As is the case elsewhere, disability in Ghana is often explained and understood through the individual model of disability. In addition, traditional and religious beliefs and deleterious stereotypes often characterise interpretations of disability.
Within such a context, it becomes difficult, if not impossible, for people, disabled and non-disabled, to acquire open-minded awareness, knowledge and understanding of disabilities.
Persons with disabilities (PWDs), therefore, continue to experience social stigma, social exclusion and discrimination.
Arguably, the most significant contributory factor to the continuous marginalization of PWDs in Ghana now is the weakness in aspects of the legal and regulatory structures meant to protect them.
The laws have been designed to challenge the stereotypes and traditional beliefs but as it stands, the stereotypes and traditional beliefs appear to be holding out very well against the antidiscrimination legal regime.
The Persons with DisabilityAct,2006 (Act 715) no doubt has been a noteworthy milestone in Ghana's human rights discourse because it gives the hope that it will improve the lives of PWDs to enable them to be part of mainstream society.
Though it covers key thematic provisions such as rights, accessibility, employment and education for PWDs, among others, it has been criticised on the grounds that it has no provision on non-discrimination, the gender dimension of discrimination, rights of children with disability and the legal definition of disability.
The act has also been faulted for not having specific provisions for the rights of women and children with disability, and also makes no provisions for housing needs of disabled people. The major public housing initiatives of successive governments in recent years have been done without particular focus on the residential needs of disabled people.
However, since the passage of the law in 2006, new buildings springing up daily in the country are still not disability-friendly and there is no effort on the part of owners of already existing structures to re-design them to make them accessible to the disability community in spite of the Building Act 2016.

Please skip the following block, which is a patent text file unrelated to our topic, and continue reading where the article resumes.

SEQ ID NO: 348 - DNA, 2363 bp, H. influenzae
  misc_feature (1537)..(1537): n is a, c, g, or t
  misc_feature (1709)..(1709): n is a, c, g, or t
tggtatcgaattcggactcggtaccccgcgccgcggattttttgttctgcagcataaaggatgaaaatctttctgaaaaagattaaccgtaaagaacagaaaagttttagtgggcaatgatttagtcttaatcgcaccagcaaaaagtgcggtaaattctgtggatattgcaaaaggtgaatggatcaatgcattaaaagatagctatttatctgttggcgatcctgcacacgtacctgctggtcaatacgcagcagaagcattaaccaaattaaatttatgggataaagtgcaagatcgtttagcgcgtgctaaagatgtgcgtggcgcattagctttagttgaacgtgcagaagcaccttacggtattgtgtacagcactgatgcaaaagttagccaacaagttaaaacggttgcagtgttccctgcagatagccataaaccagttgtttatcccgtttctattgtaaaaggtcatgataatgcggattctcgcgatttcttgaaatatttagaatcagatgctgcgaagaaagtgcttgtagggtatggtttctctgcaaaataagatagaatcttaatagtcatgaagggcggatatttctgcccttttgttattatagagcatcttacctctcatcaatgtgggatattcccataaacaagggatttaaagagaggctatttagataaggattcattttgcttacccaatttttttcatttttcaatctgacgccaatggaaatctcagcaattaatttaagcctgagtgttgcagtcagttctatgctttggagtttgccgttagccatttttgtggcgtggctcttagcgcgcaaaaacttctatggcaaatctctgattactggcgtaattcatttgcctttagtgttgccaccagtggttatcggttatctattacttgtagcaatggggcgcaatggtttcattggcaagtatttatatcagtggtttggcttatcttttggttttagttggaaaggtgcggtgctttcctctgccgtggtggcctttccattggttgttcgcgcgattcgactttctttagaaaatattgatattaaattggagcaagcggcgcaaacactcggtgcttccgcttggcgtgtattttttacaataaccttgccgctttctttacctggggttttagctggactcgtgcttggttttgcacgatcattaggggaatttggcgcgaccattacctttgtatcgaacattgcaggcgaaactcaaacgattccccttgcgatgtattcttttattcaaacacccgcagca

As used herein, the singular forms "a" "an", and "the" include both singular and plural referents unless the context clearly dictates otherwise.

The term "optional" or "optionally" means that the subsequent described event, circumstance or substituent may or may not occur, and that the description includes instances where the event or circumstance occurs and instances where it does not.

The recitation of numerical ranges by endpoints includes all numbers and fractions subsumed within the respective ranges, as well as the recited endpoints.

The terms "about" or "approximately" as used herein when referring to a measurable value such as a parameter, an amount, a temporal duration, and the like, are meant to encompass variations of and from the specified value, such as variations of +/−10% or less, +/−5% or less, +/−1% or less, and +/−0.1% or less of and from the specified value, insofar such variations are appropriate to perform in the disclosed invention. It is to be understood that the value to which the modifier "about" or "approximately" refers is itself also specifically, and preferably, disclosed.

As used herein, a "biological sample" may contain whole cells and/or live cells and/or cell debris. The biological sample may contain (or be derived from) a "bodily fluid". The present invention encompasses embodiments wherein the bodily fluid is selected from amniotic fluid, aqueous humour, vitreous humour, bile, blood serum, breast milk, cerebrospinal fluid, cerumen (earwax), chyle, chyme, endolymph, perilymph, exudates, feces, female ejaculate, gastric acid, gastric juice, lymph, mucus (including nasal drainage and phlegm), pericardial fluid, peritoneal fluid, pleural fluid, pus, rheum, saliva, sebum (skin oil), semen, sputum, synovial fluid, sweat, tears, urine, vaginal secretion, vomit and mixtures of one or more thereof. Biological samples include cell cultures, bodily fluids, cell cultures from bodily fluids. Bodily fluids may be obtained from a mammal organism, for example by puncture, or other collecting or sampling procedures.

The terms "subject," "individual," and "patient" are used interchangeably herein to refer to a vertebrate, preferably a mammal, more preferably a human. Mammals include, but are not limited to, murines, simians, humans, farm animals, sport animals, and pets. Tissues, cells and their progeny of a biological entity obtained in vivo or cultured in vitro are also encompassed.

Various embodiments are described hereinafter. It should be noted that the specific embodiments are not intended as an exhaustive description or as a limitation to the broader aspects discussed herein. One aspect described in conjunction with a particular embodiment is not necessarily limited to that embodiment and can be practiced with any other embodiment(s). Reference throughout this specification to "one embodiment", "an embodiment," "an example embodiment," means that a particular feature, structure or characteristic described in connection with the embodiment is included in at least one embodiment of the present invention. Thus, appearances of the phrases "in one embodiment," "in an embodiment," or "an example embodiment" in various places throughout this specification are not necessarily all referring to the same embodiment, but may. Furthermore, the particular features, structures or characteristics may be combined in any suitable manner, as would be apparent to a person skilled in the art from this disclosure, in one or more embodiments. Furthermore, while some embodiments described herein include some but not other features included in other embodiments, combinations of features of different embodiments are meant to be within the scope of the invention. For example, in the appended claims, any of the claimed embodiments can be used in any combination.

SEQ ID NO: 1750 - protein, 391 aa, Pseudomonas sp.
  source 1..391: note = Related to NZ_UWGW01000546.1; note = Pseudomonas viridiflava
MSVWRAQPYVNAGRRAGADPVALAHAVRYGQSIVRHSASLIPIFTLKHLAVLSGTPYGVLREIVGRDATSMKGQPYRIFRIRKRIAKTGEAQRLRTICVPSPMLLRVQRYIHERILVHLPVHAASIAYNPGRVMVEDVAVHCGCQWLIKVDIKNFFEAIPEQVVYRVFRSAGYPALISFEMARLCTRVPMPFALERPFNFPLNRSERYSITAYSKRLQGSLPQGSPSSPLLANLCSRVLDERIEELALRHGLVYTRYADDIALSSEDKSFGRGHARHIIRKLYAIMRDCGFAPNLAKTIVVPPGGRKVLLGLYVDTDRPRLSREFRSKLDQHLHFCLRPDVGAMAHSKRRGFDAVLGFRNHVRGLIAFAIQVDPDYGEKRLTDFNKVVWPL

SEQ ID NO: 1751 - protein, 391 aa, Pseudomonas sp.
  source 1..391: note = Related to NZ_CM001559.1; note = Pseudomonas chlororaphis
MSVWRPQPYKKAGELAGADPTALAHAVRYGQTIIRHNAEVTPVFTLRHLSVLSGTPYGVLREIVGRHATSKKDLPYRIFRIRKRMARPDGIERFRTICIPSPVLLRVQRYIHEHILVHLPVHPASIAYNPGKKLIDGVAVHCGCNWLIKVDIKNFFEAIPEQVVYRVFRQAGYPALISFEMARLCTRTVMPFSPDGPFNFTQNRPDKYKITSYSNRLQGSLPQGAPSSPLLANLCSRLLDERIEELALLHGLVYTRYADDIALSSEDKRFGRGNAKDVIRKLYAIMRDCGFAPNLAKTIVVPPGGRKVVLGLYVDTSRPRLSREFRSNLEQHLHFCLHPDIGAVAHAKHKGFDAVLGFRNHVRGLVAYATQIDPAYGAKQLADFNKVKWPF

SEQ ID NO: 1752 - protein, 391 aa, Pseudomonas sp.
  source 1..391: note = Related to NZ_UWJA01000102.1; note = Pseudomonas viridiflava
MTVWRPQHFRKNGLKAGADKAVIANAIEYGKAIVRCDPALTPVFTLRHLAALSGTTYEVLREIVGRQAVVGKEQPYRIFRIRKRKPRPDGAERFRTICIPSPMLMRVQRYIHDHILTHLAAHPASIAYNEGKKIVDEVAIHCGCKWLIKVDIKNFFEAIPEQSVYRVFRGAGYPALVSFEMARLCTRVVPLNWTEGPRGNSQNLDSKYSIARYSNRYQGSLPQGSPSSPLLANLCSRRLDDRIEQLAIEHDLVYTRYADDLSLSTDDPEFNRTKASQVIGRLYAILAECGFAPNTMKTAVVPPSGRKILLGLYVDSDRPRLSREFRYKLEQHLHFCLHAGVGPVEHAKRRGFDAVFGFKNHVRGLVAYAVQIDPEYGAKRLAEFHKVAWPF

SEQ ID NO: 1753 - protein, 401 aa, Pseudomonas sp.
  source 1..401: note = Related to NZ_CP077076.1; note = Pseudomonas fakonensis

It is still a challenge for members of the disability community to easily access public transport in the country. There are times PWDs are denied access to public vehicles because boarding such vehicles is a challenge, while those with mobility challenges have to battle it out with their wheelchairs.
Those with hearing impairment in the country are seriously discriminated against when it comes to accessing information on important national, health and security issues.
Unlike the visually impaired, who are easily identified with their white canes, the hearing impaired are more disadvantaged and sometimes, they suffer abuse because they are expected to have heard an instruction, which they presumably flouted.
Information available indicates that there are over three million PWDs in Ghana. This is critical.
The Daily Graphic is excited that the National Disability Council, the Ministry of Gender, Children and Social Protection and other stakeholders are spearheading a review of Act 715 to bring it on a par with the UN Convention on the Rights of Persons with Disabilities.
We sincerely hope that when the review is completed, the act will be more applicable, accommodating and welcoming enough to address the concerns of PWDs, who make up a significant part of the country’s population and are contributing in their different capabilities to the country’s growth and development.